The study, Suicide Prevention Through Theater intervention, uses an applied theater workshop in which characters and stories explore suicide topics like contemplation and aftermath.
“We’re utilizing theater to have a really difficult conversation, and that makes it really accessible,” said April Reich, study creator.
“Two years ago, my friend took her own life,” she said. “And being both an actor and an arts and medicine practitioner, I’ve always been passionate about using theater for health communication, so it just seemed really appropriate.”
The study aims to help participants become more comfortable talking about suicide, increase prevention awareness and teach participants how to better support their peers. Reich hopes the study will help yield lower suicide rates, and through the lessons on supportive behavior, create a more uplifting social environment.
“HealthStreet’s been really helpful and supportive in helping to develop the study, and I’m very grateful to HealthStreet for providing this partnership and supporting the whole process,” Ariel Reich, study coordinator, said.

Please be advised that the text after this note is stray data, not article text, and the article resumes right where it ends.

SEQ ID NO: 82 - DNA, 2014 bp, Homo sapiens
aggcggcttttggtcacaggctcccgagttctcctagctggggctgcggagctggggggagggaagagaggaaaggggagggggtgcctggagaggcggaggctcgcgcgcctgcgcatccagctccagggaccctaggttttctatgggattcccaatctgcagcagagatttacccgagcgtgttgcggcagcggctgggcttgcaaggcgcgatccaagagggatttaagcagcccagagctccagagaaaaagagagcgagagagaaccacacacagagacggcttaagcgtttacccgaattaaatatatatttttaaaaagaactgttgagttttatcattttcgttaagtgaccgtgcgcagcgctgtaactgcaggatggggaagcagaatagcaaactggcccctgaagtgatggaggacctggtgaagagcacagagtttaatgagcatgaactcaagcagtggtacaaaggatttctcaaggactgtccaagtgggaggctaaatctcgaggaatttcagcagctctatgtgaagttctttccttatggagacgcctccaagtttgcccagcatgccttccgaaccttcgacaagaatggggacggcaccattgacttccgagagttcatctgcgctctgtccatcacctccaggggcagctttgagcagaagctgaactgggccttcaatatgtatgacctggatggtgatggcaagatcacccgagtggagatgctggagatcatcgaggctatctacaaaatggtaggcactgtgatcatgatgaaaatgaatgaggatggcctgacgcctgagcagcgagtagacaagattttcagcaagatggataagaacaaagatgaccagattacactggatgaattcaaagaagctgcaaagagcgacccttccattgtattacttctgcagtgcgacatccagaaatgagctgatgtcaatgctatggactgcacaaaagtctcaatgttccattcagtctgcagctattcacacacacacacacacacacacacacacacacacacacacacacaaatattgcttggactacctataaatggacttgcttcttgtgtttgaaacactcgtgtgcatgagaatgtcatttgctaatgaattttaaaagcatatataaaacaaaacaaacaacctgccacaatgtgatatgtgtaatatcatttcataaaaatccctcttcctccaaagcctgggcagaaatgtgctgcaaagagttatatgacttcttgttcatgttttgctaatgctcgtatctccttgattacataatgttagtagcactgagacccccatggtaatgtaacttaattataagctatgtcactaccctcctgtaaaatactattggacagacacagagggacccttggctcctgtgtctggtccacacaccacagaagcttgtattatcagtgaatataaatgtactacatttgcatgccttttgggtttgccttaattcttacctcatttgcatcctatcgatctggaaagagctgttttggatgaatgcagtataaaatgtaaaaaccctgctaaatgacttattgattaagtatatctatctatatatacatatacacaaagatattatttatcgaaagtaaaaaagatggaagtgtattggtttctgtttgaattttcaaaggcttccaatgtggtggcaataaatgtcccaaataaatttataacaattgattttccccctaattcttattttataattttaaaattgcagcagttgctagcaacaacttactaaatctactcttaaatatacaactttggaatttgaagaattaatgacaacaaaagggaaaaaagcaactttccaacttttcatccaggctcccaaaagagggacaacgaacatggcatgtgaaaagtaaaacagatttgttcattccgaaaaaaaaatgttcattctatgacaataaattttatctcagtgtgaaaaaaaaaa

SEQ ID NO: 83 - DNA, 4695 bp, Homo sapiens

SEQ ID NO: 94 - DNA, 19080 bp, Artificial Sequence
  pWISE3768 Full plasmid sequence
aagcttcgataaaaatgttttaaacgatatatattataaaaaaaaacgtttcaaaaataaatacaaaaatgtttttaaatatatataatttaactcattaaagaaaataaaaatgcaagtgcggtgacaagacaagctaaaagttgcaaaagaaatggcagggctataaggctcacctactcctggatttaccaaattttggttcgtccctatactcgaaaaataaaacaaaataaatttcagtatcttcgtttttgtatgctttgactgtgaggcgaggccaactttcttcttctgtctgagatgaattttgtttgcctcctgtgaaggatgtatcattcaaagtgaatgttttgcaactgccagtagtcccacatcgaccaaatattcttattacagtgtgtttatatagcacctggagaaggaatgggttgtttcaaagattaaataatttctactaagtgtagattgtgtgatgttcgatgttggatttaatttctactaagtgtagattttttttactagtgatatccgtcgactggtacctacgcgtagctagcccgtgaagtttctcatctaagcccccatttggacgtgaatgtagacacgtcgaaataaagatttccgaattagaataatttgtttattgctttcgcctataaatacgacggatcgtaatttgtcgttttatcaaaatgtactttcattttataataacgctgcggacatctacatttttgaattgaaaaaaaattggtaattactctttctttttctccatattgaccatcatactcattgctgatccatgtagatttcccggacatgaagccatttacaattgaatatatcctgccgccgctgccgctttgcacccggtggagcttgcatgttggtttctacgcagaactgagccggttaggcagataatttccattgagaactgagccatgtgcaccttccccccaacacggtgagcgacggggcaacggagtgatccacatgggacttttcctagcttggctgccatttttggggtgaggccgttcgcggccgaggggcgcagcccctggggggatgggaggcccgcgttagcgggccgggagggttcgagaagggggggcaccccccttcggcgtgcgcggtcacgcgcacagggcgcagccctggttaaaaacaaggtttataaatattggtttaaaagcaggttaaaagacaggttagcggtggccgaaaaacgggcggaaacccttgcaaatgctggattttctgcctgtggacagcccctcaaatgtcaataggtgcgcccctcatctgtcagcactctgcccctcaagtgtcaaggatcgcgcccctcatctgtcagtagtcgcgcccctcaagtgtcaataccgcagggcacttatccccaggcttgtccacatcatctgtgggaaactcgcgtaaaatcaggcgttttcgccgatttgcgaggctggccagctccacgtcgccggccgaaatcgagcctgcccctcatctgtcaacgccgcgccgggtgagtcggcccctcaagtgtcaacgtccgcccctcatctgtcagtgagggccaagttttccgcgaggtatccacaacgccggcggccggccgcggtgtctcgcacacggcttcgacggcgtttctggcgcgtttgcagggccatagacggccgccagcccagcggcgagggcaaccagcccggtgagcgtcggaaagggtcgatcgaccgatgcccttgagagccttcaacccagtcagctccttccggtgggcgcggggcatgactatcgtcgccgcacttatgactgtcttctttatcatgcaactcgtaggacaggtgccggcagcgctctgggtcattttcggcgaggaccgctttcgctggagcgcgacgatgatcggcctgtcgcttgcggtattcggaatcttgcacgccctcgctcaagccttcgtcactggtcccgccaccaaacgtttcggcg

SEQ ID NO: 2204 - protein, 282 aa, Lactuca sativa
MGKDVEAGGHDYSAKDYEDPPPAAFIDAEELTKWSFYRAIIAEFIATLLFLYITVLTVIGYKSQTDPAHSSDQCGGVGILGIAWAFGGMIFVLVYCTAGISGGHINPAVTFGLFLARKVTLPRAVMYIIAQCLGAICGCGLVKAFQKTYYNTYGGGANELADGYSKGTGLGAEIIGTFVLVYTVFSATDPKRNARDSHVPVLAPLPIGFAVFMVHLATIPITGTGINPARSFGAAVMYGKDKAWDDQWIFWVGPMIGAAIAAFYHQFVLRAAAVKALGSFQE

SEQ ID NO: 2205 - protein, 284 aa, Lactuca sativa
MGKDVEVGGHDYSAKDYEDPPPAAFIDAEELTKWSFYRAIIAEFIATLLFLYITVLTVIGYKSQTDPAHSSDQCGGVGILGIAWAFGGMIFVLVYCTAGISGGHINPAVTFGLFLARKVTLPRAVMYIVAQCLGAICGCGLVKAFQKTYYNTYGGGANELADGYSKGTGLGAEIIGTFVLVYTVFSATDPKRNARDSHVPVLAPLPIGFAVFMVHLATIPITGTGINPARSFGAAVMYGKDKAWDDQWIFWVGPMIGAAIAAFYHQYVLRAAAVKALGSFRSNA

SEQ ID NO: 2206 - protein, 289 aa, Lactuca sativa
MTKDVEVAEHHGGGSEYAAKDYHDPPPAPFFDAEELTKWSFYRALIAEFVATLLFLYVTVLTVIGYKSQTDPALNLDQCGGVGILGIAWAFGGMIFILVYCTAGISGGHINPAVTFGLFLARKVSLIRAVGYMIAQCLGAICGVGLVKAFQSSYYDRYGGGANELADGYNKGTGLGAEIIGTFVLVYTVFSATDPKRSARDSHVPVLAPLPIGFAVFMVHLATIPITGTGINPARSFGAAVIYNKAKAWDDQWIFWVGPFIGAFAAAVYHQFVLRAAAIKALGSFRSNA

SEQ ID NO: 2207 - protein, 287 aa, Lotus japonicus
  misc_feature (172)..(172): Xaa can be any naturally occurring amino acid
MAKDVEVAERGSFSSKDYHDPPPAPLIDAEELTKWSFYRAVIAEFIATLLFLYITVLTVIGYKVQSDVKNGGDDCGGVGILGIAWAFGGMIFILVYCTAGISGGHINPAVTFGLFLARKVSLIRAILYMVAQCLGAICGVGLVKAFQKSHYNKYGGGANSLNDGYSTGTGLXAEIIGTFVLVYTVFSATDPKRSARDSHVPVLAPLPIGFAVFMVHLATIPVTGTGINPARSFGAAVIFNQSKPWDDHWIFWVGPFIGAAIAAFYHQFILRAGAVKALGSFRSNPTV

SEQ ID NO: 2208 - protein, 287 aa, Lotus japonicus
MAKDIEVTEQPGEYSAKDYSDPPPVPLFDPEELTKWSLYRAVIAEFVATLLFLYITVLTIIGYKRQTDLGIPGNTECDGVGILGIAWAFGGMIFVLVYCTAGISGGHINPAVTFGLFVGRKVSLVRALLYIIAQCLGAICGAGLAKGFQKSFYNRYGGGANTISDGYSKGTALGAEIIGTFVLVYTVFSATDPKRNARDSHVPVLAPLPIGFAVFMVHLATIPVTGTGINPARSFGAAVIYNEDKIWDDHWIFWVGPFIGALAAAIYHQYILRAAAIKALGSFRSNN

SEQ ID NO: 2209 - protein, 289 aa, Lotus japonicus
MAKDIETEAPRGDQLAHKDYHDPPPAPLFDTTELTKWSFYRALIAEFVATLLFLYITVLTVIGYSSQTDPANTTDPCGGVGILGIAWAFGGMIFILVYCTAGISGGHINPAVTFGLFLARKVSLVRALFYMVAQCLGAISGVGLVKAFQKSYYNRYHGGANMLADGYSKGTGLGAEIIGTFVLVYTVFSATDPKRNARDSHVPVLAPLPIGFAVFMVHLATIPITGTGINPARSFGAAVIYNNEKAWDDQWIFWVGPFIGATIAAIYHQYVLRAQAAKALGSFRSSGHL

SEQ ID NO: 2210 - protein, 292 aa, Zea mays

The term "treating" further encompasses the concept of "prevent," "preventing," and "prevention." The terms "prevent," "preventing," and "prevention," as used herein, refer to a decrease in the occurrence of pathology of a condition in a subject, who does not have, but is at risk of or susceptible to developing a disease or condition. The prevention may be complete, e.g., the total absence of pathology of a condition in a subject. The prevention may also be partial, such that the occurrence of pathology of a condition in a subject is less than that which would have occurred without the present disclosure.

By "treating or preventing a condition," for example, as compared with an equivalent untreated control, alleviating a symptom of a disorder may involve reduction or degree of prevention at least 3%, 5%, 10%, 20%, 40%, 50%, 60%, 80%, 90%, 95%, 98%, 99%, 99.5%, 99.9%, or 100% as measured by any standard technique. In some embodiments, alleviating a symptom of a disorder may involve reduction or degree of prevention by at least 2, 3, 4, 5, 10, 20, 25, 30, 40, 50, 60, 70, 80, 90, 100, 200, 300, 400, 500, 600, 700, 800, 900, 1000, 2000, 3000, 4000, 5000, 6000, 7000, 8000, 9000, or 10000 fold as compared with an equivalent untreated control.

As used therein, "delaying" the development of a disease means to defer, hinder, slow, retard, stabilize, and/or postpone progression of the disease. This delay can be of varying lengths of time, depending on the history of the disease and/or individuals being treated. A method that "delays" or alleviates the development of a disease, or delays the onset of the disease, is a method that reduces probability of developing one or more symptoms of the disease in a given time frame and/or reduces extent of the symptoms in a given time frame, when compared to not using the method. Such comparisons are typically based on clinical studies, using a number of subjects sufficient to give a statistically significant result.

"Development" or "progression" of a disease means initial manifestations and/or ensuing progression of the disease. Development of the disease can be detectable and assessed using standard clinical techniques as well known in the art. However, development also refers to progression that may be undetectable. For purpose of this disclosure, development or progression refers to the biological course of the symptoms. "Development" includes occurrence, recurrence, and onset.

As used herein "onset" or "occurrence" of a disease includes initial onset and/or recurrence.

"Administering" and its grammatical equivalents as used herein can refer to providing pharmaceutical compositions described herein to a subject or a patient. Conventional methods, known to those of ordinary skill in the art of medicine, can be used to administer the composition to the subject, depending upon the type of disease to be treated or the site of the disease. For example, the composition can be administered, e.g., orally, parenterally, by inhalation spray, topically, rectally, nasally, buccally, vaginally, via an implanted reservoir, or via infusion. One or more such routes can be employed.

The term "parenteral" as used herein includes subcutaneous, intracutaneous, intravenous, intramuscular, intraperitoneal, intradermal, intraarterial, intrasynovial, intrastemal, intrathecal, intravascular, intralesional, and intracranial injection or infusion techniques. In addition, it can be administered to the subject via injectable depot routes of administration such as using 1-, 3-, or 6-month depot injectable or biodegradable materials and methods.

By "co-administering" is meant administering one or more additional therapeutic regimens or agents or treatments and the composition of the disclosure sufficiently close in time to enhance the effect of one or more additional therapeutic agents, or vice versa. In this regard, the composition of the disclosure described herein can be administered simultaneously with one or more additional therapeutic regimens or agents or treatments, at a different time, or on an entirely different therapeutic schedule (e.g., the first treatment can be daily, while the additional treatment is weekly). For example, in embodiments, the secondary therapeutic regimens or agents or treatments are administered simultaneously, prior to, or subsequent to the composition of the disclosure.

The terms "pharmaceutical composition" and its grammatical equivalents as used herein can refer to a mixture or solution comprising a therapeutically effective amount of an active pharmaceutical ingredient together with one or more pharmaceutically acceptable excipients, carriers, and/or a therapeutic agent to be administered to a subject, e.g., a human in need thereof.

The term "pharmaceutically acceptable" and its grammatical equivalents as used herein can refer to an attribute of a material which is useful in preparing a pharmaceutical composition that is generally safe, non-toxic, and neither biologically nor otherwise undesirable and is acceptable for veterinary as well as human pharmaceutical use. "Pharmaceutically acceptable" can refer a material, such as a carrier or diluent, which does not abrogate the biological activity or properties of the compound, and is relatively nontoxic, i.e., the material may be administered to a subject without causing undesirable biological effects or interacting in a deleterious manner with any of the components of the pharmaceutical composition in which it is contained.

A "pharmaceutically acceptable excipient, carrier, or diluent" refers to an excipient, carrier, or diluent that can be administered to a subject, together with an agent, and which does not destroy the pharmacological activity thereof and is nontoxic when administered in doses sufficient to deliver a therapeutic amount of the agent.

“I want to encourage people to feel safe talking about it,” Reich said.
She hosted the first workshop at HealthStreet in March and has another planned in April.
“I’m excited to tweak it and see it grow and strengthen” Reich said.
In addition to providing a location for the first workshop, HealthStreet helped recruit participants for the study.
“HealthStreet’s been really helpful and supportive in helping to develop the study, and I’m very grateful to HealthStreet for providing this partnership and supporting the whole process.”